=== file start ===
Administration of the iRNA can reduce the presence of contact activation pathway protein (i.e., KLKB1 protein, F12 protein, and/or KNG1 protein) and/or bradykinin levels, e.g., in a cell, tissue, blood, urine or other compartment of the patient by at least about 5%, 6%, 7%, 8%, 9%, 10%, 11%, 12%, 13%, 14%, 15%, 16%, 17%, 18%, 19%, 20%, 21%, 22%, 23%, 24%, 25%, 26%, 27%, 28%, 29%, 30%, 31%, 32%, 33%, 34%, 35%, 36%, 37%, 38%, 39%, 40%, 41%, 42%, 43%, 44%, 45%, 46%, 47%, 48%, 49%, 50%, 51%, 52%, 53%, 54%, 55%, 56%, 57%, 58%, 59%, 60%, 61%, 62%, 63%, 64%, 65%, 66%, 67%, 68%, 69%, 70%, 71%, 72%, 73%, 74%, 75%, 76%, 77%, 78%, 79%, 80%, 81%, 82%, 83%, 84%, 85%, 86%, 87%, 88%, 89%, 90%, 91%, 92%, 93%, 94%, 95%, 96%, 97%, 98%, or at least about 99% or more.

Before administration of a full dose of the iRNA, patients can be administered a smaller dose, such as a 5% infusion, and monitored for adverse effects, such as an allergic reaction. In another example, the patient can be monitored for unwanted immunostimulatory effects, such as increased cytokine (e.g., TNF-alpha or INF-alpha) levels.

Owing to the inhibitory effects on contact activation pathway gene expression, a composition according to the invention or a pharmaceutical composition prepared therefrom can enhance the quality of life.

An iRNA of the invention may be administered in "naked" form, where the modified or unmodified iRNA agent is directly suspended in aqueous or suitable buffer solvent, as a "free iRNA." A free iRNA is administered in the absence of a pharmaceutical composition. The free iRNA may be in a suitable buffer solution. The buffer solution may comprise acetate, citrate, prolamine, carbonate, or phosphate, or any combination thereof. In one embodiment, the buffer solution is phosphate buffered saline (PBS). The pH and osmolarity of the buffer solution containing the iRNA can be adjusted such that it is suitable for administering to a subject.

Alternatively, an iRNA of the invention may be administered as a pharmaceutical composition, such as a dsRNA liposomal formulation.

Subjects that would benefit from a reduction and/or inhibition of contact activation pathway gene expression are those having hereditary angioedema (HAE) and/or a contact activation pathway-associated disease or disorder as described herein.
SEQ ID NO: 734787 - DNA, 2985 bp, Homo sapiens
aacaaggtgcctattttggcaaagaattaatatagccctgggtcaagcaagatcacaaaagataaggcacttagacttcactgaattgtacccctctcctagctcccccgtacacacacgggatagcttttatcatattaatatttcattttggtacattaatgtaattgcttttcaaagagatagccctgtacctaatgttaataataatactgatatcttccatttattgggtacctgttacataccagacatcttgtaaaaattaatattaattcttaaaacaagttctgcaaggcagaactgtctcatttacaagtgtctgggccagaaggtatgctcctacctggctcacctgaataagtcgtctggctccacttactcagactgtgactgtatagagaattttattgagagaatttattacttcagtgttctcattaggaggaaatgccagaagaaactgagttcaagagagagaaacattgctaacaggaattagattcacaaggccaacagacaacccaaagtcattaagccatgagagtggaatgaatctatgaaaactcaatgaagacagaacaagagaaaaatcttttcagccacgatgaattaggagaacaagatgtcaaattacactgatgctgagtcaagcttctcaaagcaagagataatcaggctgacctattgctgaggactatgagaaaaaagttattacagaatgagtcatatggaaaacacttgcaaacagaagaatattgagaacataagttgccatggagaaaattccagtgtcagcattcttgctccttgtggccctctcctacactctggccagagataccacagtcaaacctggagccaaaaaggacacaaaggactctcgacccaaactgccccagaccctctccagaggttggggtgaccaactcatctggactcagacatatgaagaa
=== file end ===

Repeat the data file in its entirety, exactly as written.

Administration of the iRNA can reduce the presence of contact activation pathway protein (i.e., KLKB1 protein, F12 protein, and/or KNG1 protein) and/or bradykinin levels, e.g., in a cell, tissue, blood, urine or other compartment of the patient by at least about 5%, 6%, 7%, 8%, 9%, 10%, 11%, 12%, 13%, 14%, 15%, 16%, 17%, 18%, 19%, 20%, 21%, 22%, 23%, 24%, 25%, 26%, 27%, 28%, 29%, 30%, 31%, 32%, 33%, 34%, 35%, 36%, 37%, 38%, 39%, 40%, 41%, 42%, 43%, 44%, 45%, 46%, 47%, 48%, 49%, 50%, 51%, 52%, 53%, 54%, 55%, 56%, 57%, 58%, 59%, 60%, 61%, 62%, 63%, 64%, 65%, 66%, 67%, 68%, 69%, 70%, 71%, 72%, 73%, 74%, 75%, 76%, 77%, 78%, 79%, 80%, 81%, 82%, 83%, 84%, 85%, 86%, 87%, 88%, 89%, 90%, 91%, 92%, 93%, 94%, 95%, 96%, 97%, 98%, or at least about 99% or more.

Before administration of a full dose of the iRNA, patients can be administered a smaller dose, such as a 5% infusion, and monitored for adverse effects, such as an allergic reaction. In another example, the patient can be monitored for unwanted immunostimulatory effects, such as increased cytokine (e.g., TNF-alpha or INF-alpha) levels.

Owing to the inhibitory effects on contact activation pathway gene expression, a composition according to the invention or a pharmaceutical composition prepared therefrom can enhance the quality of life.

An iRNA of the invention may be administered in "naked" form, where the modified or unmodified iRNA agent is directly suspended in aqueous or suitable buffer solvent, as a "free iRNA." A free iRNA is administered in the absence of a pharmaceutical composition. The free iRNA may be in a suitable buffer solution. The buffer solution may comprise acetate, citrate, prolamine, carbonate, or phosphate, or any combination thereof. In one embodiment, the buffer solution is phosphate buffered saline (PBS). The pH and osmolarity of the buffer solution containing the iRNA can be adjusted such that it is suitable for administering to a subject.

Alternatively, an iRNA of the invention may be administered as a pharmaceutical composition, such as a dsRNA liposomal formulation.

Subjects that would benefit from a reduction and/or inhibition of contact activation pathway gene expression are those having hereditary angioedema (HAE) and/or a contact activation pathway-associated disease or disorder as described herein.
SEQ ID NO: 734787 - DNA, 2985 bp, Homo sapiens
aacaaggtgcctattttggcaaagaattaatatagccctgggtcaagcaagatcacaaaagataaggcacttagacttcactgaattgtacccctctcctagctcccccgtacacacacgggatagcttttatcatattaatatttcattttggtacattaatgtaattgcttttcaaagagatagccctgtacctaatgttaataataatactgatatcttccatttattgggtacctgttacataccagacatcttgtaaaaattaatattaattcttaaaacaagttctgcaaggcagaactgtctcatttacaagtgtctgggccagaaggtatgctcctacctggctcacctgaataagtcgtctggctccacttactcagactgtgactgtatagagaattttattgagagaatttattacttcagtgttctcattaggaggaaatgccagaagaaactgagttcaagagagagaaacattgctaacaggaattagattcacaaggccaacagacaacccaaagtcattaagccatgagagtggaatgaatctatgaaaactcaatgaagacagaacaagagaaaaatcttttcagccacgatgaattaggagaacaagatgtcaaattacactgatgctgagtcaagcttctcaaagcaagagataatcaggctgacctattgctgaggactatgagaaaaaagttattacagaatgagtcatatggaaaacacttgcaaacagaagaatattgagaacataagttgccatggagaaaattccagtgtcagcattcttgctccttgtggccctctcctacactctggccagagataccacagtcaaacctggagccaaaaaggacacaaaggactctcgacccaaactgccccagaccctctccagaggttggggtgaccaactcatctggactcagacatatgaagaa